It has been 15 years since the Institute of Medicine (IOM) released its seminal report, “To Err is Human,” which captured the attention of the world with its estimate that medical errors cause 44,000 to 98,000 deaths per year. This report played a critical role in raising awareness about errors and started an important national dialogue that continues today.
A new article in BMJ Quality & Safety, Fifteen Years After To Err Is Human, reviews the progress made since the original IOM report and notes the difficulties in reducing harm, including a lack of robust mechanisms to routinely measure the problem and widely varying estimates of magnitude.
One exception is that of central line-associated bloodstream infection (CLABSI). The authors cite the reduction of CLABSI rates since the IOM report as a case study in the success of reducing infection, with intensive care unit (ICU) CLABSI rates dropping nationwide over the past decade. Elements considered critical to the national success in reducing CLABSI rates include these:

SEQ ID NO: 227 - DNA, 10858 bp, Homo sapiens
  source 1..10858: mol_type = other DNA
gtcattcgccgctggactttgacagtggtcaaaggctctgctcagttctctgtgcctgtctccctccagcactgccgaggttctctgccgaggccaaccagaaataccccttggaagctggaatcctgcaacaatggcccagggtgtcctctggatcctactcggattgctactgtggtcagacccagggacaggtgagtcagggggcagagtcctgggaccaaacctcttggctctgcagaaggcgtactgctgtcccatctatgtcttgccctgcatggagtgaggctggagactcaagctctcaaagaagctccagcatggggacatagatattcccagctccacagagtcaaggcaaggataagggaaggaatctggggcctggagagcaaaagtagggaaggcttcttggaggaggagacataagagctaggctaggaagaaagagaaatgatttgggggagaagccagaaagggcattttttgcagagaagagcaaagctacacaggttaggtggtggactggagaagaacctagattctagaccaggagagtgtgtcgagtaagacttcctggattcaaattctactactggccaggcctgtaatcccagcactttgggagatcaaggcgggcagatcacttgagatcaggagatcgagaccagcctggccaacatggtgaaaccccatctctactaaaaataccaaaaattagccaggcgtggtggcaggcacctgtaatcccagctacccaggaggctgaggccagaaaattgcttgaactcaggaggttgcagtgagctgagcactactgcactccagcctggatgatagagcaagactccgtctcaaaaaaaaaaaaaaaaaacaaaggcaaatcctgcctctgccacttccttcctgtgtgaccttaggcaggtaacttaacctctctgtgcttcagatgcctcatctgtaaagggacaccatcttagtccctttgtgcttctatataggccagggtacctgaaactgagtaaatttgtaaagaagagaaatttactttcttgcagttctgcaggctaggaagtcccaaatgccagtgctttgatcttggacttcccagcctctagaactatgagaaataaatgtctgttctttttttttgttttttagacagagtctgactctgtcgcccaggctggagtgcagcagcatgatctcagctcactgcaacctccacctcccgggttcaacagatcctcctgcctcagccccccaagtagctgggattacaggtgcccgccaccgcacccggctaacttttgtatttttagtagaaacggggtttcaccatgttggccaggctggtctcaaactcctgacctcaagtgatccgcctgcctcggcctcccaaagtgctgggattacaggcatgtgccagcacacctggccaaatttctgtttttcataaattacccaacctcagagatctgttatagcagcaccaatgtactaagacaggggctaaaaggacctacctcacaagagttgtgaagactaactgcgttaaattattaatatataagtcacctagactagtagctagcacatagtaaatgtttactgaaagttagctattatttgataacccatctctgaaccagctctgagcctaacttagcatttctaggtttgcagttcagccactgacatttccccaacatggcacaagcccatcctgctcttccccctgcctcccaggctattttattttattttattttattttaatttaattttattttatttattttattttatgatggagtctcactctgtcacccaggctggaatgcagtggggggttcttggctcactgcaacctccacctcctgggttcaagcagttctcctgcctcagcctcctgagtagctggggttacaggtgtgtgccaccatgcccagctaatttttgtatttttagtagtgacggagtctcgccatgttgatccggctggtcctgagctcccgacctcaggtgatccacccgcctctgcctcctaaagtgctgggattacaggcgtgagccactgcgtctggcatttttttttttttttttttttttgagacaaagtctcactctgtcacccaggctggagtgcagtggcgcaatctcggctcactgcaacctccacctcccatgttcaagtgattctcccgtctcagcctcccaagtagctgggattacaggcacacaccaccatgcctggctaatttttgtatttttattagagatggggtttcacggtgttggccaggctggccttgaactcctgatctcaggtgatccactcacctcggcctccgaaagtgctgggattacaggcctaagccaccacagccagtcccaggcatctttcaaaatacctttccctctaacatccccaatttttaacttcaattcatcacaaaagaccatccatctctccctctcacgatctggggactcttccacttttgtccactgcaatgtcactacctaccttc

- reliable and valid measurement systems
- evidence-based care practices
- investment in implementation sciences
- local ownership and peer learning communities
- alignment in efforts around common goal and measures
At a recent symposium by the National Academy of Medicine, a diverse set of panelists discussed the original IOM report and future patient safety priorities for reform within payment systems, governance and leadership, and academia. The archived webcast of the symposium is available online.
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